Rights For All

Daniel Davis is vice president of advocacy of the Disabled Students' Union. Respond at [email protected]

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This week the U.S. Supreme Court will be hearing oral arguments on several cases that do not appear to have any bearing on our lives as UC Berkeley students. One of these cases, however, University of Alabama vs. Garrett, which will be heard Thursday, hits close to home for many UC Berkeley students.

The Garrett case is a challenge to the constitutionality of the Americans with Disabilities Act. Civil rights, granted by the act, that have guaranteed them the right to attend and even, in some cases, thrive in the UC system are now in danger of being ruled unconstitutional on the basis of state sovereignty under the 11th Amendment.

Since 1990, the law has empowered people with disabilities by giving them civil rights and legal recourse in employment, education and other aspects of life. By holding employers and educators accountable for accommodating the limitations of people with disabilities and removing barriers to their participation, the law has given them a better chance to demonstrate the full extent of their capacities.

To disabled students, the act is, in effect, our version of the 1964 Civil Rights Act. Back then, civil rights for African Americans did not come without a backlash. Attempts to integrate public schools after Brown vs. Board of Education were met with white-supremacist governors barring the school doors and invoking states' rights. These challenges were only overcome with difficulty, and our society still bears the scars of the trauma.

Now, persons with disabilities are bearing the brunt of the backlash against the Americans with Disabilities Act. The Garrett case involves a nurse at a state university hospital, who was threatened and demoted because she needed to take medical leave to get treatment for her breast cancer. Alabama claims that her case is invalid not because discrimination did not occur, but rather because the attorney general of Alabama believes that under the 11th Amendment his state should not be held accountable under federal anti-discrimination law.

Why should you care? Here's why - this case is not just about the millions of disabled students who may not be able to pursue higher education, leaving them on public assistance and unable to create careers for themselves. It is about the federal government being able to intercede with necessary civil rights legislation. Imagine a United States without the 1964 Civil Rights Act. A setback in civil rights for disabled students would be extremely costly. Now is a time when the law for disabled citizens should be strengthened, not weakened.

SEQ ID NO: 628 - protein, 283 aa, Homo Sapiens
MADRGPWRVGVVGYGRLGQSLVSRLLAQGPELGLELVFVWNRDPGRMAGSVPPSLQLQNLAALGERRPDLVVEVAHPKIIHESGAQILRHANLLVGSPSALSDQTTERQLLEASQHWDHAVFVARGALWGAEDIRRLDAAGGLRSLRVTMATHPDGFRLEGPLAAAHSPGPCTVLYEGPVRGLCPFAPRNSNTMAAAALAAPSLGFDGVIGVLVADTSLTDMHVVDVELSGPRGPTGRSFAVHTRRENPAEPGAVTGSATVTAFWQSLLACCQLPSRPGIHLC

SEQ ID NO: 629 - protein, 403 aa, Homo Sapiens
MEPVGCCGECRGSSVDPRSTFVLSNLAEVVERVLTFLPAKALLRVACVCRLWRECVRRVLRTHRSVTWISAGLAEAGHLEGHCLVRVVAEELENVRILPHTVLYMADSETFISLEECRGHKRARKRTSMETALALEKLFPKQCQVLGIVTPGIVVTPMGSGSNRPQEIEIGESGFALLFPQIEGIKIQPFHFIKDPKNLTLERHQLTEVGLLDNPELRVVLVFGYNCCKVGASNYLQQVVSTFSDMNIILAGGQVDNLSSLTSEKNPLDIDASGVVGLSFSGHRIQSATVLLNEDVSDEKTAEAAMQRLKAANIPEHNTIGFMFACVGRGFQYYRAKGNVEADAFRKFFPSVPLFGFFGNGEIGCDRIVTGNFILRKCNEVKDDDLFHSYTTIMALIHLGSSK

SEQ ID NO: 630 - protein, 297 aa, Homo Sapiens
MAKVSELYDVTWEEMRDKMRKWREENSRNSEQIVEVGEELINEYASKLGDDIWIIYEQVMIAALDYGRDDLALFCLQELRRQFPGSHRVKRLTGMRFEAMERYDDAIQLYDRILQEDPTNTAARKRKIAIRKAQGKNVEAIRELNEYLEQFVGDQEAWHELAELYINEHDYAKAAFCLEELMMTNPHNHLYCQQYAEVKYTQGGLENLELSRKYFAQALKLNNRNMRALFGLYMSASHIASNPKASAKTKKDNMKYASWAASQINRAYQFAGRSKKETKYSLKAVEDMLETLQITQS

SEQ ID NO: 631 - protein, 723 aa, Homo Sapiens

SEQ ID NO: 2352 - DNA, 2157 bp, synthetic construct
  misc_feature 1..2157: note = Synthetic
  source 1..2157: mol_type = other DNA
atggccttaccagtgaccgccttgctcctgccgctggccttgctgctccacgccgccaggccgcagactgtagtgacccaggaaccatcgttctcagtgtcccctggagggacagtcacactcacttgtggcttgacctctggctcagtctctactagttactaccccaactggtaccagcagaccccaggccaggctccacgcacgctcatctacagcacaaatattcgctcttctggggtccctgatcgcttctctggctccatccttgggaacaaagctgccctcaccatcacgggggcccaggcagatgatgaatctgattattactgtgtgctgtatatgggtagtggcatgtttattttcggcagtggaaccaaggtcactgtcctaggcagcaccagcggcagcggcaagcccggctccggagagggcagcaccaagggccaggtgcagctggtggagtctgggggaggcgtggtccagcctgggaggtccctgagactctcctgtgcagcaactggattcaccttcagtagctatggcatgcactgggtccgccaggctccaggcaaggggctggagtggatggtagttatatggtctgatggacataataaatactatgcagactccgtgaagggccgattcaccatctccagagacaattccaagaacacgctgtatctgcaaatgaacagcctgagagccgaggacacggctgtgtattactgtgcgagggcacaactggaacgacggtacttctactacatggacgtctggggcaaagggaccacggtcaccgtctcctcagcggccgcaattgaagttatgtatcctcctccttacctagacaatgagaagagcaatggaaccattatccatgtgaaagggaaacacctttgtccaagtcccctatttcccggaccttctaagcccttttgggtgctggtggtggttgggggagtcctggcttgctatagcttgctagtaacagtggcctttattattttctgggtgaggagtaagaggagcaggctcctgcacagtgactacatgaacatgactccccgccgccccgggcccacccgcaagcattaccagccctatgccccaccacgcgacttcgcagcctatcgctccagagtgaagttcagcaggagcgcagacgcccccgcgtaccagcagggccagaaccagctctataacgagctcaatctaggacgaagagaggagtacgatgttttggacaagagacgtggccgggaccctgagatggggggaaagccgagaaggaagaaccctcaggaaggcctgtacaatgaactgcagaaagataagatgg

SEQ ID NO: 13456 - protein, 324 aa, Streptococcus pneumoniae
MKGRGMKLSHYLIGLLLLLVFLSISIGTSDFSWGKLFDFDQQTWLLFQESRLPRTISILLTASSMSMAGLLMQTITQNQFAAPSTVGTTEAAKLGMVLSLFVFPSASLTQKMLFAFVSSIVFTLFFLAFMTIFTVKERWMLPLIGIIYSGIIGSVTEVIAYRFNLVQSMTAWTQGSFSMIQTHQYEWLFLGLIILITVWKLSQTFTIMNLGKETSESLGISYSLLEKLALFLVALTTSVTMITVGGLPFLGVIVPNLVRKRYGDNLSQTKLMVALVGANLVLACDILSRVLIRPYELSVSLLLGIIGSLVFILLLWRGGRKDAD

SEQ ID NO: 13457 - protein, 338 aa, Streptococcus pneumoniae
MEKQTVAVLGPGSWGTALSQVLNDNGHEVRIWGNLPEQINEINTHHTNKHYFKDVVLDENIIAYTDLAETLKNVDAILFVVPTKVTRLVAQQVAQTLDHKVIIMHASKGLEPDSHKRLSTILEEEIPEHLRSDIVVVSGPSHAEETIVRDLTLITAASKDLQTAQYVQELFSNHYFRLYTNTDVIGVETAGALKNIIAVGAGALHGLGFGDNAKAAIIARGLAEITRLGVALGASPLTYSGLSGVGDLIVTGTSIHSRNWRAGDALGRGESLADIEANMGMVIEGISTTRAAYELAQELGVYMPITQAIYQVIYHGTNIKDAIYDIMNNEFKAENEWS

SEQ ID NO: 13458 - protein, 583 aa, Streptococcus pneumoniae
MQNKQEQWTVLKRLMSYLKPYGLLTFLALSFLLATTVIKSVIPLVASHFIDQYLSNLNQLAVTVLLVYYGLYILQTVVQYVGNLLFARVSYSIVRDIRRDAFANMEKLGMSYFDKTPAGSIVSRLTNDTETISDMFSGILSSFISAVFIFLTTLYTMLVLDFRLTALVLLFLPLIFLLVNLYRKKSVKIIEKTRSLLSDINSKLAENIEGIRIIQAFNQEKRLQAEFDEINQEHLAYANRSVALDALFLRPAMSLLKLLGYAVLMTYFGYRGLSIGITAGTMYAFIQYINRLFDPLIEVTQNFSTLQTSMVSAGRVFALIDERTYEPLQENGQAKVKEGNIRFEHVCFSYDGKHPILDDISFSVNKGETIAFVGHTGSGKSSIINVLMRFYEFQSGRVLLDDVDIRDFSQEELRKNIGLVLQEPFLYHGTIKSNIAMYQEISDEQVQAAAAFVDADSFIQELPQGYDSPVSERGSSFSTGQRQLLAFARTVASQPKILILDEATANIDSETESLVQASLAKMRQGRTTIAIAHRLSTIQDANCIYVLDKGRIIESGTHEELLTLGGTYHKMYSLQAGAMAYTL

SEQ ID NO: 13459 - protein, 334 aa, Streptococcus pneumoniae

Even with an Americans with Disabilities Act, a well-respected Disabled Students' Program and admirable commitments by UC President Richard Atkinson helping people with disabilities bridge the digital divide, the picture is far from perfect. Due to changes in the way student services are funded that were implemented under former Gov. Pete Wilson in the mid-1990s, the 1987 Donohoe Act's promise of full funding of disabled student services has not been fulfilled over the past several years. Currently, the Disabled Students' Program is running a $225,000 deficit per year.

Last month, a group of students traveled to UCSF to explain to the Regents the impact of the underfunding of disabled student services. One student testified that he needed testing to document his learning disability and visual problems, but he was having difficulty affording the $500 to $1,000 it would cost. This used to be paid by the program, but now it is the individual student's responsibility. At the same meeting, a wheelchair-bound student spoke of an experience in which she needed recharging for her power chair, but could not get that help on campus. There used to be a wheelchair repair shop available on campus to address these concerns, but not anymore.

Although states' rights advocates contend that state laws will remain to protect persons with disabilities even if the court sides with Alabama, their assurances are unsupported. Although the California Civil Rights Act contains many good features, attorney Guy Wallace notes that it does not allow persons with disabilities to sue state agencies. If the Regents are considered a state agency, then the only right that people with disabilities in the UC system might have under state law would be the right to file an administrative grievance with the responsible funding agency - a weak remedy indeed!

The states' backlash against federal civil rights acts is only a recent trend, thankfully. However, it is a trend that must be stopped now. Abraham Lincoln once defined government as something "whose leading object is to elevate the condition of men - to lift artificial weights from all shoulders - to clear the paths of laudable pursuit for all - to afford all an unfettered start, and a fair chance in the race of life."

The Supreme Court has already ruled unconstitutional the Violence Against Women Act and the Age Discrimination Employment Act, each relying heavily on state sovereignty. If the Americans with Disabilities Act is declared unconstitutional, it will be the biggest domino yet to fall amid what some experts are calling a "states' rights revolution." Some even predict that the laws protecting the civil rights of women and minorities will be severely challenged if the trend does not stop.

Students should not let the domino effect take place. This November, we should send a message to candidates for elective office that the federal government must be allowed to intercede with civil rights legislation that is crucial to the continuing fight against discrimination on the grounds of gender, race, sexual orientation or disability. We all deserve a fair chance in the race of life.


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